The majority of the people I worked with in my early years started their careers in IT without any specialist computer training. Effectively everybody was an apprentice.
The great thing about a career in information security is that the barriers to entry can be low. Skills can be self-taught and it has often attracted candidates from a range of disciplines. Recruiting people from other specialist areas is a common way to build strength in a team as they bring new viewpoints, experiences and in-depth knowledge of different industries, technologies and applications which can be applied to problem solving.
However, while a formal degree in computer science is not an absolute necessity, it is increasingly a major factor in hiring new staff. In my early career there were only a few pioneering computer science or IT related courses on offer at universities and colleges, this is no longer the case.
Today a degree or master’s is the dominant route to employment, however, there is real potential for problems. Knowledge exchange has always been crucial for information security and danger arises when a team with a base of narrow knowledge or experience approaches a problem.
The industry, universities and students themselves need to be doing all they can to keep a breadth of knowledge and experience in the industry. IT apprenticeships perhaps should be considered to provide structured on-the-job training.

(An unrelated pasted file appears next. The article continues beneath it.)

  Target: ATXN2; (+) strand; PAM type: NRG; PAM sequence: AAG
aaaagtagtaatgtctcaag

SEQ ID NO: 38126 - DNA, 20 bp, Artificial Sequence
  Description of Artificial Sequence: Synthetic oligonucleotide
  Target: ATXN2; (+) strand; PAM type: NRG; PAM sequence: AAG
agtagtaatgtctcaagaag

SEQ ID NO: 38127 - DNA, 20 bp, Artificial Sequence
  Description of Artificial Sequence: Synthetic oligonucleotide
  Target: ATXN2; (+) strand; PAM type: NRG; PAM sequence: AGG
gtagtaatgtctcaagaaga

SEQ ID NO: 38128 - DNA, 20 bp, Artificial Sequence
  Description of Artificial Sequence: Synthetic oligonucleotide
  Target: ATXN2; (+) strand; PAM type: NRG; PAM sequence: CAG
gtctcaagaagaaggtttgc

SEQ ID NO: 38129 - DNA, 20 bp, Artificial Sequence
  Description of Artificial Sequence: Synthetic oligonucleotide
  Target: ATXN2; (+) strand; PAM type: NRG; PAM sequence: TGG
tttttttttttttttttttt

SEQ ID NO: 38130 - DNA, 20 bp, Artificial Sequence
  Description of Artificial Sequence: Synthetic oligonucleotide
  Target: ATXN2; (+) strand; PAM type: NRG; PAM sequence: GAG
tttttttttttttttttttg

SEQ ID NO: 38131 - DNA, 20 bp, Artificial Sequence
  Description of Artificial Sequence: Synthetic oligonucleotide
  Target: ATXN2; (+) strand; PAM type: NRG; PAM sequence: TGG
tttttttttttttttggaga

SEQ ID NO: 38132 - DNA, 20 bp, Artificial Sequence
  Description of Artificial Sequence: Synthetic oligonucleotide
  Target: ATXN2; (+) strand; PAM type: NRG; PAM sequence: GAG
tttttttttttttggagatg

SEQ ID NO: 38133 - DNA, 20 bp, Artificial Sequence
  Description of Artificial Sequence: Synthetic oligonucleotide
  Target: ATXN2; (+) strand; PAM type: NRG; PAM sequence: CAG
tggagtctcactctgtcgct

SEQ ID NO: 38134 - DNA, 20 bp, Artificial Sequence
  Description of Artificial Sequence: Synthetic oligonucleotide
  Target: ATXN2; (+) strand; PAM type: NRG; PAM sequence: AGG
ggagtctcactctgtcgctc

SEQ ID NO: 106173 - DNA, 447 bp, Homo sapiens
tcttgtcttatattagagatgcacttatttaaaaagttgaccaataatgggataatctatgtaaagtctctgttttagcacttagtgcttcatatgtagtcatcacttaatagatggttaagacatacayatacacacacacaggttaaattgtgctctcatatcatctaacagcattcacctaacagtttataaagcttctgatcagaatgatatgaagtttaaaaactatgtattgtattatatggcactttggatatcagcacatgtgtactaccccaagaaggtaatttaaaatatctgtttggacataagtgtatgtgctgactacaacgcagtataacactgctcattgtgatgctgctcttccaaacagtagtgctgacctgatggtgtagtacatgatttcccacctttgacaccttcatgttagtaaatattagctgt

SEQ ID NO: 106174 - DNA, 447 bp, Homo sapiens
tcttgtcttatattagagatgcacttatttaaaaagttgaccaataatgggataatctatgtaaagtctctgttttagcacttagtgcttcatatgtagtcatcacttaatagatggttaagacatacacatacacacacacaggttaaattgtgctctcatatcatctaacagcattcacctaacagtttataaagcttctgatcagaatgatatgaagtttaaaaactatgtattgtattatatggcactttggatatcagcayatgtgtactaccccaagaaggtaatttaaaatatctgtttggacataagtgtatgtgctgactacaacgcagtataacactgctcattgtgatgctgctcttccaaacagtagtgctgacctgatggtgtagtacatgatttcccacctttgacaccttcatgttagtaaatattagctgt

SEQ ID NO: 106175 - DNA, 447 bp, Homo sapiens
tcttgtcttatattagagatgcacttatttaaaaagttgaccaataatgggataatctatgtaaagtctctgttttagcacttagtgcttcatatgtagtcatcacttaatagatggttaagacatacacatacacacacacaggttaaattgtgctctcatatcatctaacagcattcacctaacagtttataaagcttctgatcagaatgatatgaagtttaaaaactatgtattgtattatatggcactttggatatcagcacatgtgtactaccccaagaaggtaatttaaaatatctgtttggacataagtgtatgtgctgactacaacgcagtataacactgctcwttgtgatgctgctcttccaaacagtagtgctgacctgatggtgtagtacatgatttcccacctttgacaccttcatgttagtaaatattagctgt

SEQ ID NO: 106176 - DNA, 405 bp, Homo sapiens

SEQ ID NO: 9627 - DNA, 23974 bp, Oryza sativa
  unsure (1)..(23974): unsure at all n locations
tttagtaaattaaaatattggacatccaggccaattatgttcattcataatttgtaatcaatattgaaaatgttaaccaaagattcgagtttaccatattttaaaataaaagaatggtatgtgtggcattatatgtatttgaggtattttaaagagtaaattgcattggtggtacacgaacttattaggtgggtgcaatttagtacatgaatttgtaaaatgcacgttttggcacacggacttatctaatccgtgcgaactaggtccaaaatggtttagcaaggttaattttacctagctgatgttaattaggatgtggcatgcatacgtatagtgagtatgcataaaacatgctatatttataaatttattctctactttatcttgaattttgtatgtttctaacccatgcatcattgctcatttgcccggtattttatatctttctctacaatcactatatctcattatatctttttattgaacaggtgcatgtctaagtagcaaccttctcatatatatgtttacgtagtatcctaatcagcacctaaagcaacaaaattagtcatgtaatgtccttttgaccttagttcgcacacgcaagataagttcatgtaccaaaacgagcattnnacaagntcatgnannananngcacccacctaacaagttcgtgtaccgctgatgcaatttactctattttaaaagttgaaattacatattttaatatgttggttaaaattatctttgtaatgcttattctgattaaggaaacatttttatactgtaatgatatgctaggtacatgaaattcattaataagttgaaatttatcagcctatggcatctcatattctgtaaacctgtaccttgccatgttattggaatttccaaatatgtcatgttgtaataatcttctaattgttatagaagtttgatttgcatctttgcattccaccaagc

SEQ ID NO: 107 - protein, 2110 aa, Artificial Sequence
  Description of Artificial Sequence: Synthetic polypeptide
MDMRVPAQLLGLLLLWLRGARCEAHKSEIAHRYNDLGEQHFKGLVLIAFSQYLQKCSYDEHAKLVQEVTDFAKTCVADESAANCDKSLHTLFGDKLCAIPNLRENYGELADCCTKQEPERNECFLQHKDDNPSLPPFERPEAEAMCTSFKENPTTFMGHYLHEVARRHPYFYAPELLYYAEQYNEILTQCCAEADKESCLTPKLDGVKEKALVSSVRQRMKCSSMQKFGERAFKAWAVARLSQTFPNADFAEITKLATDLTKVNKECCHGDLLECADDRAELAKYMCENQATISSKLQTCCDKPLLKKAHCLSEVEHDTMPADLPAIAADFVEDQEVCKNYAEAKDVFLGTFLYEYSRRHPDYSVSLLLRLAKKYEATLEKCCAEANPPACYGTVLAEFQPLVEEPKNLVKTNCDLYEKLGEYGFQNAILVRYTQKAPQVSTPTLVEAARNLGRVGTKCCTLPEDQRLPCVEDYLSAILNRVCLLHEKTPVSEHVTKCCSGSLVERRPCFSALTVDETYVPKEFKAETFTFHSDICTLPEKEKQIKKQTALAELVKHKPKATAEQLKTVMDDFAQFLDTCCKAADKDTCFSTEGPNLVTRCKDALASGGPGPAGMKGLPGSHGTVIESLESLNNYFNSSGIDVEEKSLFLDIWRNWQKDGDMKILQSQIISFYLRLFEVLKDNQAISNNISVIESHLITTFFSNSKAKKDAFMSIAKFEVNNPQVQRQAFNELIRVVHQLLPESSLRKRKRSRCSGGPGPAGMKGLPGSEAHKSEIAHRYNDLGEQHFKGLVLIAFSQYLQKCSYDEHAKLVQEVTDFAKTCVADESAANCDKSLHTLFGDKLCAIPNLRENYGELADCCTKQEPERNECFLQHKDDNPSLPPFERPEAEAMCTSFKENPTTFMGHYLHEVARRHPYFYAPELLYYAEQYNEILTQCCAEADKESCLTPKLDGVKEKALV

Information security can be a long, exciting and rewarding career but it isn’t a normal 9-5. Anyone hoping to make a mark in this arena will need to be passionate about IT security, as it takes a great deal of time and effort to stay current and understand the never ending stream of new technologies and updates.
My advice to graduates for securing a role in information security would be:
- Build your credentials in a related IT role before applying for an information security job. There are countless areas in IT, and gaining experience in any area is useful, as you will learn about particular technologies and applications, how they are secured and how they can be penetrated. The working knowledge of specific areas of IT can be invaluable to an information security team.
- Avoid specialising too soon. Build up a broad base of experience
- Demonstrate business nouse, increasingly IT roles are not just about understanding technology and how to manage it, but about showing the value technology can add to a business or organisation and understanding the priorities that drive non-IT professionals.
- Information security is a job that can’t entirely be taught, demonstrating the practical application of textbook theories is a must. Try to get as much practical experience as possible.
- Commit to lifelong learning and change. Information security and the need to constantly respond to new threats and understand new technologies and applications means learning does not stop at graduation.
- Keep aware of new technologies, and new applications for emerging technologies and above all keep aware of the change threat landscape.
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